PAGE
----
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Does the sampling instrument influence corneal culture outcome in patients with infectious keratitis? A retrospective study comparing cotton tipped applicator with knife blade
  1. Susanna Sagerfors1,
  2. Birgitta Ejdervik-Lindblad1,
  3. Bo Söderquist2
  1. 1Department of Ophthalmology, Faculty of Medicine and Health, Örebro University, SE 70182, Örebro, Sweden
  2. 2Department of Laboratory Medicine, Clinical Microbiology, Faculty of Medicine and Health, Örebro University, SE 70182, Örebro, Sweden
  1. Correspondence to Dr Susanna Sagerfors; susanna.sagerfors{at}


Objective This study aimed to compare the efficacy of a cotton tipped applicator and a knife blade in obtaining corneal samples in patients with infectious keratitis.

Methods and analysis This is a retrospective cohort study of patients with suspected infectious keratitis during 2004–2014. Samples for corneal culture were obtained by a cotton tipped applicator and a knife blade, and directly inoculated on GC agar, blood agar and Sabouraud agar.

Results In all, 355 patients were included. Corneal sampling by cotton tipped applicator yielded a significantly higher rate of patients with positive corneal culture, 156/355 (43.9%), compared with knife blade, 111/355 (31.3%) (p<0.001). On a patient level, the culture results obtained by the cotton tipped applicator and the knife blade were identical in 269/355 (76%) of the patients. The overall agreement between the two instruments on microbial level was 0.66 (Cohen’s kappa 95% CI 0.60 to 0.72).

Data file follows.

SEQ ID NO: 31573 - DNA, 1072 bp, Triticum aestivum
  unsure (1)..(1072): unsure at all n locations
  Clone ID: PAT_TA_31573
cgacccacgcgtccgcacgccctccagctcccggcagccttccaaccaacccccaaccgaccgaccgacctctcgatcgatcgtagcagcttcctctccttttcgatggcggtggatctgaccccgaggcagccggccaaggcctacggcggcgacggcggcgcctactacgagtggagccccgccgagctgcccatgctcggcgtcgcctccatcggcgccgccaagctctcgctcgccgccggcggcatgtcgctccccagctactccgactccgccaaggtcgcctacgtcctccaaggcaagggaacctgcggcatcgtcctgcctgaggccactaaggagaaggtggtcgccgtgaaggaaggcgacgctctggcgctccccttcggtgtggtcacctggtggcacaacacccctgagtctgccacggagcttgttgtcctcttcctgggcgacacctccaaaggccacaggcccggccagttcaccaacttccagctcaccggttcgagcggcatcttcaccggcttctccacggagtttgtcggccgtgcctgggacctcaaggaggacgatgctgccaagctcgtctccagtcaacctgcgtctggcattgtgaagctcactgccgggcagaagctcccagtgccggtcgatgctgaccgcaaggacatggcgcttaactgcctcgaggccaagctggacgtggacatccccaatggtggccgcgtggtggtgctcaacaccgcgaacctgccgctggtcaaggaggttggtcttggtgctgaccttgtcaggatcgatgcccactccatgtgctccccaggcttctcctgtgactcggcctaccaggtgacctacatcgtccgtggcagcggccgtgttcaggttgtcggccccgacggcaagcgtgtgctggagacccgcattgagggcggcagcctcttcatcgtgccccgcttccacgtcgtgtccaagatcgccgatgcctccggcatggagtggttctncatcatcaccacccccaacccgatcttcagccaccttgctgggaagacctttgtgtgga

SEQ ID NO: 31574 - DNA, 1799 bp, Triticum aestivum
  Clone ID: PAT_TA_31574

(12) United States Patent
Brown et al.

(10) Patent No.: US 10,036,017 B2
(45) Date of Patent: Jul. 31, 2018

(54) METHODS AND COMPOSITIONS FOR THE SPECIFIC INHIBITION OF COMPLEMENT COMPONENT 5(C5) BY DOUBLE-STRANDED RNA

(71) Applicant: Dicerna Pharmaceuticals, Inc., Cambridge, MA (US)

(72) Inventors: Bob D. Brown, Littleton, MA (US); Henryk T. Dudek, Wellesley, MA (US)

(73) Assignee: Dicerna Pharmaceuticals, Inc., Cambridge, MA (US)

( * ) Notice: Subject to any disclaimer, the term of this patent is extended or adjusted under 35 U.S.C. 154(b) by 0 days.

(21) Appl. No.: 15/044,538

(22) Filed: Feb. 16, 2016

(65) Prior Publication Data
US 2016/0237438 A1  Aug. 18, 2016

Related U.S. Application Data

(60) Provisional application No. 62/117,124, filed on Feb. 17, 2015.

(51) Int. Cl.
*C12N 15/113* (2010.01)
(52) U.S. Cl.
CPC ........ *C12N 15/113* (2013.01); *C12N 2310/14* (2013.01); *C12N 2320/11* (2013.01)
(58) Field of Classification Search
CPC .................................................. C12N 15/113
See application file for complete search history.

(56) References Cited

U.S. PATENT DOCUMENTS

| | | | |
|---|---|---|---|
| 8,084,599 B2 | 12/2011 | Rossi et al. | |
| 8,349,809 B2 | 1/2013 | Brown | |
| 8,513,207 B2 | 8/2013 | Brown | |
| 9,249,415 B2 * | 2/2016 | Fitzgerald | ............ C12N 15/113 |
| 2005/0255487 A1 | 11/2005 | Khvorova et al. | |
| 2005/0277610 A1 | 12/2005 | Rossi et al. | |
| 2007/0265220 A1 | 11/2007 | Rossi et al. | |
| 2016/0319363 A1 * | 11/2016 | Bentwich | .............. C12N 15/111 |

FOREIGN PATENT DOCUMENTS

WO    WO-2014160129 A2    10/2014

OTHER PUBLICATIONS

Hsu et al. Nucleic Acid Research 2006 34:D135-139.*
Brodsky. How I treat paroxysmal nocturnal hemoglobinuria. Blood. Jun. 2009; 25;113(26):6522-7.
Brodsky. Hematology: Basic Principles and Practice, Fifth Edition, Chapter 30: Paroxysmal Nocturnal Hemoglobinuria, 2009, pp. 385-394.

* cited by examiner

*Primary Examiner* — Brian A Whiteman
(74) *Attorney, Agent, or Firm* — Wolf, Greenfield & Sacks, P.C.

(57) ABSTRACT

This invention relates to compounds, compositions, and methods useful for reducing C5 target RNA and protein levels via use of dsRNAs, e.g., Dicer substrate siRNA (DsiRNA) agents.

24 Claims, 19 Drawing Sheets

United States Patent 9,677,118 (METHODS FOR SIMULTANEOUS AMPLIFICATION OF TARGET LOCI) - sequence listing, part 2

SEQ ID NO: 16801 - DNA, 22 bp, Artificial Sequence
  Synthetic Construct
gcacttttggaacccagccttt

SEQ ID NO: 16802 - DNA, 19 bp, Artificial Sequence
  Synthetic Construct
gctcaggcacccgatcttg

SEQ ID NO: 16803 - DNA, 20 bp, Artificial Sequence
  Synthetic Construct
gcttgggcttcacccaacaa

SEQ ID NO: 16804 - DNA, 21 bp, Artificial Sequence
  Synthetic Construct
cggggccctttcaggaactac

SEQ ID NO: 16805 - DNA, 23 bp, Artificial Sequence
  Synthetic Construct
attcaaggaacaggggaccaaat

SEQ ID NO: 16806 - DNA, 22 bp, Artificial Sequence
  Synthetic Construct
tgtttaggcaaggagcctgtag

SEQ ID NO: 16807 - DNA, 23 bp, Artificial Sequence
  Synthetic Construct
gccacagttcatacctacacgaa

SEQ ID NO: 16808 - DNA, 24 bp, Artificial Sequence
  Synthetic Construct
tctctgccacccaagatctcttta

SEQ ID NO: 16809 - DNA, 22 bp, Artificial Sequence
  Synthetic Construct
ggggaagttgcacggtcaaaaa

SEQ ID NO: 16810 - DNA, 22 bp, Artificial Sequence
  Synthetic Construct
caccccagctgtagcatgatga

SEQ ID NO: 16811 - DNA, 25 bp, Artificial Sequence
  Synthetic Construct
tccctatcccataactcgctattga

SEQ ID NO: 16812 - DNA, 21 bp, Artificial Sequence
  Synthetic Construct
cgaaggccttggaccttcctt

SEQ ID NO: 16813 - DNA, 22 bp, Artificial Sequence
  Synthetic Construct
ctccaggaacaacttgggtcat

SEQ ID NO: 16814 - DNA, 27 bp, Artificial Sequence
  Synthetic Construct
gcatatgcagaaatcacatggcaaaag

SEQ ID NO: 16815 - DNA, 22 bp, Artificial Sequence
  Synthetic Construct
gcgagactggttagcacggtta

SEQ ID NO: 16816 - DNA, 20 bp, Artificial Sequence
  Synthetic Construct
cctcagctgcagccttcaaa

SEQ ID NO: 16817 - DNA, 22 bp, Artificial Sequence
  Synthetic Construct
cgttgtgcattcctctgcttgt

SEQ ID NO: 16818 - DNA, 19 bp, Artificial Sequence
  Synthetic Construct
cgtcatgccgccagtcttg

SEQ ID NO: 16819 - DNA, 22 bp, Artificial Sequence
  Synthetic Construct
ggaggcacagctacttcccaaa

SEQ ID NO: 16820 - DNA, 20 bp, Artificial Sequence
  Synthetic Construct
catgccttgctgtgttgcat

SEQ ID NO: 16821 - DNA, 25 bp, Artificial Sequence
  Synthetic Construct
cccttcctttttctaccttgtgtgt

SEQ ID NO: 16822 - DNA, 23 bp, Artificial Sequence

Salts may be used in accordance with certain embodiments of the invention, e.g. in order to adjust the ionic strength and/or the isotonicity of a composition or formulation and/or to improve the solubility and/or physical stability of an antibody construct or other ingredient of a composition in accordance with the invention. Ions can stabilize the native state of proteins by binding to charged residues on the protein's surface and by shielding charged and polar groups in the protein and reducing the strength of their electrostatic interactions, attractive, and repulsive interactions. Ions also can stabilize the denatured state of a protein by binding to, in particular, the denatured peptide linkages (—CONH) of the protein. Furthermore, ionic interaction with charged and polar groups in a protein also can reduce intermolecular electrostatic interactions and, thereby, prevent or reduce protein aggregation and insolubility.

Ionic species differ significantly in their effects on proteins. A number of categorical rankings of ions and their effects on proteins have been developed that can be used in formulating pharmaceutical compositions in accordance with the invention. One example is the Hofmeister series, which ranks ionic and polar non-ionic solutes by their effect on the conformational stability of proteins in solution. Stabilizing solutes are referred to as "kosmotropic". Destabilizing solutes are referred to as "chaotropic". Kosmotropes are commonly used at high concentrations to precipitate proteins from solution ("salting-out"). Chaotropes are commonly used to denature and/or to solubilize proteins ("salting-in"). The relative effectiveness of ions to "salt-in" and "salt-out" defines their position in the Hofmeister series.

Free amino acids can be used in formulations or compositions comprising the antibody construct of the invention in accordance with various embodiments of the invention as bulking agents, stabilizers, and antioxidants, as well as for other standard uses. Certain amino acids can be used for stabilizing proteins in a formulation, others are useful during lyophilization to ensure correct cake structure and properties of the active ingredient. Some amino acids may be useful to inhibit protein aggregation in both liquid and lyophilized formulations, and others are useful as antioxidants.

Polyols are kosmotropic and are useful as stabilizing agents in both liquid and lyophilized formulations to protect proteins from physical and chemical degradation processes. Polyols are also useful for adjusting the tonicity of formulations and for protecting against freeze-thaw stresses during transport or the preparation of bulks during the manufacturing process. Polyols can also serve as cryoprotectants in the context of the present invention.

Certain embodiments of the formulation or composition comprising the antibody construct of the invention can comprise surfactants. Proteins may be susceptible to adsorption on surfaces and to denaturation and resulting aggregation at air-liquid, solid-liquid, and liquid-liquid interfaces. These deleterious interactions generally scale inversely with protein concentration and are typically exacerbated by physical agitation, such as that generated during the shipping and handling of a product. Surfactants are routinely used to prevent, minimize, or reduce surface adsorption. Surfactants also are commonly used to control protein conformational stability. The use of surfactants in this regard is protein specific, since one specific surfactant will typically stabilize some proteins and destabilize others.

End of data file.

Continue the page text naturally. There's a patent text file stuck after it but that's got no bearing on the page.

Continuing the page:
Conclusion Corneal sampling by cotton tipped applicator generated a higher rate of positive corneal cultures and a higher proportion of isolated microbes than by knife blade. Future studies with randomised sampling order are needed to establish which instrument, cotton tipped applicator or knife blade, is the most effective in sampling microbes for direct inoculation in patients with infectious keratitis.

  • infection
  • microbiology
  • cornea

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  • Contributors All authors have contributed to the manuscript according to the guidelines by ICMJE.

  • Funding This study was funded by Region Örebro County Council research committee.

  • Competing interests None declared.

  • Patient consent for publication Not required.

  • Ethics approval Ethical approval by the Regional Ethical Review Board of Uppsala (ref: 2015/335/1) was obtained before the study was initiated.

  • Provenance and peer review Not commissioned; externally peer reviewed.

  • Data availability statement All data relevant to the study are included in the article.

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